Auntie Am's Comment
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Found your diary and sad to see it hasn't been updated after a few days. I hope everything is going well for you!

Penny's Comment
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Auntie Am, thank you. It's good to be missed!

I did okay on the obstacle course. I did hit a cone a few times and had to go round and round, but I still ended up with an 88 overall on the course. I wished it had been better, but it is what it is and I didn't do too badly I guess.

Tonight part of the class will be on the backing range with the other part on public roads.

It's getting very, very real. A little scary but also exciting.

I'm going to master these beasts, I am!

Dan67's Comment
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You did fine if you only hit a cone or 2.. some classes, all they do is kill cones. That course teaches you to get a first hand feel for the size of the truck. Just what ever you do.. NEVER dump the clutch.. Never hit a light pole.. And all is good on the range. Perimeter Road is not bad, you will run it after rush hour. First time getting out of the yard can be a bit tough. Idle shifting from 1-2-3, and getting straight onto the road without running off the pavement and getting up the first small hill and gaining speed. Good thing is the max speed is 35mph. You will get it quickly and then the real fun begins. Keep at it.. You got this..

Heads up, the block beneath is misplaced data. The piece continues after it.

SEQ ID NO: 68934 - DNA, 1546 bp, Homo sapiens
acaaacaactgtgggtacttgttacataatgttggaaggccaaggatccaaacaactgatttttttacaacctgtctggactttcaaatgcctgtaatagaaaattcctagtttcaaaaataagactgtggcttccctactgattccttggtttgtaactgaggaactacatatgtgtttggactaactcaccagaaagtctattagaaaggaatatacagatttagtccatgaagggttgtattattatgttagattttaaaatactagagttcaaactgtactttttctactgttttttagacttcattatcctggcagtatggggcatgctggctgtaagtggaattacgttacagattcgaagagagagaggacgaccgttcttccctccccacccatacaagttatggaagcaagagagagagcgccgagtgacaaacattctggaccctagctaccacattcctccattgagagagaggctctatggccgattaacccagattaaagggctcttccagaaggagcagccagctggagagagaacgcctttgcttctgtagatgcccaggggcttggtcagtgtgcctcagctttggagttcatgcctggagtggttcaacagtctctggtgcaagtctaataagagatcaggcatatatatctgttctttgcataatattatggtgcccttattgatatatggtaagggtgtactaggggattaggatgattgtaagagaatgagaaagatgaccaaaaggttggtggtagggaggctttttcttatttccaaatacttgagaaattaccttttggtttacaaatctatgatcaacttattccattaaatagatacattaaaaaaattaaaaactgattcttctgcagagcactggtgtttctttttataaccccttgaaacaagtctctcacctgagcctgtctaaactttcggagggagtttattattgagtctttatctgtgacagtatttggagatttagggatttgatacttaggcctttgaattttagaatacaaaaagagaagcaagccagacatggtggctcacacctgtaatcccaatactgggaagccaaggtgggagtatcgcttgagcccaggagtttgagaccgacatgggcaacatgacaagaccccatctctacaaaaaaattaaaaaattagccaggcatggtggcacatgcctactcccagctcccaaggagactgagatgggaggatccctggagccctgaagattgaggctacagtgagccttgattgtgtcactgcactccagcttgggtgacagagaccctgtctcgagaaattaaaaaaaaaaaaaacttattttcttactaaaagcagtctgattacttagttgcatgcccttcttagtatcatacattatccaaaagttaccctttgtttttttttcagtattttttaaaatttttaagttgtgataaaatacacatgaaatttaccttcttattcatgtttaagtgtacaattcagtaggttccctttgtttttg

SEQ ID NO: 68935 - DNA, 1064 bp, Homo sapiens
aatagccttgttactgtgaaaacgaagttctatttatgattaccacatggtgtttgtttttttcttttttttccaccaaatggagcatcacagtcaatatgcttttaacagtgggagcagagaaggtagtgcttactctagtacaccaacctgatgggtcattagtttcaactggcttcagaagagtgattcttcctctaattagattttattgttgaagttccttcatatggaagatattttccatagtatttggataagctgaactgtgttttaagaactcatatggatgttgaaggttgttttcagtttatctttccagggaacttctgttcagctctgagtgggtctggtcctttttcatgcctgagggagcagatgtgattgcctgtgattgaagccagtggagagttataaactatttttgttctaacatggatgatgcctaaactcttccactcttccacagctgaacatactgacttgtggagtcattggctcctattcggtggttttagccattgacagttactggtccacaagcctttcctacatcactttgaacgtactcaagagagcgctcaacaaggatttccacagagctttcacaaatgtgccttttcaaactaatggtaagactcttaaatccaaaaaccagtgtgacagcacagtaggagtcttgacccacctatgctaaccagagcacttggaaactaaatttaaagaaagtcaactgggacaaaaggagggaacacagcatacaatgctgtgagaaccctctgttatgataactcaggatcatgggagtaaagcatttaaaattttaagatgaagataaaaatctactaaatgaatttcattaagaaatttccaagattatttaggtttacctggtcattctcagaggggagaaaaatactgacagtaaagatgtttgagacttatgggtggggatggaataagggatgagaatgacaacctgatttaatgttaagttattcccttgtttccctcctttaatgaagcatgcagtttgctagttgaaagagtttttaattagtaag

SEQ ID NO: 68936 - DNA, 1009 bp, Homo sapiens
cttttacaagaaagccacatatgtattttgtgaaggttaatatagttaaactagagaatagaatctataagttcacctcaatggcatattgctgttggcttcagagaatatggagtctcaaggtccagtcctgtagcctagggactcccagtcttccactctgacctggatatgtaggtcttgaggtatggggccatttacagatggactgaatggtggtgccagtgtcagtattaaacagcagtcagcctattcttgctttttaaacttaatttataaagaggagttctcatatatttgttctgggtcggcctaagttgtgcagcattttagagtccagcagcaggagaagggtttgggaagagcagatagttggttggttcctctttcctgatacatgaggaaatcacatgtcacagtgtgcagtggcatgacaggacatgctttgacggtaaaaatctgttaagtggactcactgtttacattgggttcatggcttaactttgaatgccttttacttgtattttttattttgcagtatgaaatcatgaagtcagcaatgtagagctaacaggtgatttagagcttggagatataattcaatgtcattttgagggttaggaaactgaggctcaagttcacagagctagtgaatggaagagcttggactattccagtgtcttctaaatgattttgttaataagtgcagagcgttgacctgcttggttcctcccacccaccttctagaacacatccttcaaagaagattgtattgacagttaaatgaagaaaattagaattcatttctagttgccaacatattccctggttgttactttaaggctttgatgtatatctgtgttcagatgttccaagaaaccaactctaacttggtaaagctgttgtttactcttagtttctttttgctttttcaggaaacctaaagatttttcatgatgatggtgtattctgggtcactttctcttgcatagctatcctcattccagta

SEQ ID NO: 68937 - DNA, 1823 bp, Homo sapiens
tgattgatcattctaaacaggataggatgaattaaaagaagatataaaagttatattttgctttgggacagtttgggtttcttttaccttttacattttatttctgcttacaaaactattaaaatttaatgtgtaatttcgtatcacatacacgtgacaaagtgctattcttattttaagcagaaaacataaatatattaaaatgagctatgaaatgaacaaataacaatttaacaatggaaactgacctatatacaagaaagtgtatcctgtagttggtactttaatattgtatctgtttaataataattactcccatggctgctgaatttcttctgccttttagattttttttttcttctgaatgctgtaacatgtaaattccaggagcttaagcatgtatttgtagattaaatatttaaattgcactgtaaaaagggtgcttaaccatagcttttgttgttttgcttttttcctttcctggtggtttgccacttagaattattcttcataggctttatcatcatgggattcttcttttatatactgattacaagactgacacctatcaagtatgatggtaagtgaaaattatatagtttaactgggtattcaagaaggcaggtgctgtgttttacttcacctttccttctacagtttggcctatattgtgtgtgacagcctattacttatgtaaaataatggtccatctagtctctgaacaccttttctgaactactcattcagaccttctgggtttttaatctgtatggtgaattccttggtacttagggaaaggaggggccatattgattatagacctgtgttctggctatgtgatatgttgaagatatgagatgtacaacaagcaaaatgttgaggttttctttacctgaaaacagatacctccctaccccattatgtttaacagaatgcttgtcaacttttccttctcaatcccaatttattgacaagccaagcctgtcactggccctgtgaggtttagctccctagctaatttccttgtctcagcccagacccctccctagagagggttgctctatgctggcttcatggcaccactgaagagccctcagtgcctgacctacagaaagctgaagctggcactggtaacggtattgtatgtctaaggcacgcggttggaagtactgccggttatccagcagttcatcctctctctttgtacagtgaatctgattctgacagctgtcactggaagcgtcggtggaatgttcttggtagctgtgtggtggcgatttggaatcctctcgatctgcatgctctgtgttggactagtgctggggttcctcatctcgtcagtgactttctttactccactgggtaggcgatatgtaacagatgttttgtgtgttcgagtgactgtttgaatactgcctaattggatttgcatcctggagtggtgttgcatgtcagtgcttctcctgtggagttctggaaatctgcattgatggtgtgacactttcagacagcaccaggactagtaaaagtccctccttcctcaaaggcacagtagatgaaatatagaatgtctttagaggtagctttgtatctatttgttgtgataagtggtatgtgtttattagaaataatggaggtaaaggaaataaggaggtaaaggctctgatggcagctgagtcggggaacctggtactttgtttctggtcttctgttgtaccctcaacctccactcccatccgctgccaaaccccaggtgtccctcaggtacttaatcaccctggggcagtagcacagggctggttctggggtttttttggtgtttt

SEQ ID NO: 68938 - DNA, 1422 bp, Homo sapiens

Penny's Comment
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Yeah, Dan, I mostly just grazed the cone...THE SAME DARN CONE EVERY DANG TIME!! Yes, it made me angry, but I finally beat that obstacle!

I did dump the clutch one night in Mr. Wilson's truck. And was reminded not to. I have been EXTREMELY careful since and I certainly hope not to repeat that mistake again. I got nervous and did it, but they seem to be pretty cool as long as you make an effort to correct the error of your ways!

Lord help me if I hit a light pole. I sure don't want to do THAT!! I'll do my best to avoid any of that. I'm pretty good about taking instruction and doing my best, so I'll hope that all will be well there!

Not sure whether I'll be in the group on the range tonight or in the group on Perimeter Road.

This is probably the biggest challenge I've had since raising four teenagers at one time. If I can do that, I can do this. Just a completely different skillset! And a lot more coordination. Mr. Smith told me that changing gears was a lot like dancing. I grinned and told him I tended to step on feet! The instructors all seem tough but fair. I know I'm in good hands.

I've been going over my Railroad Hazmat dialogue during work breaks today. If I don't get completely frazzled, I think I've got it.

Where are you working now, Dan? I think you may have mentioned it, but I can't remember!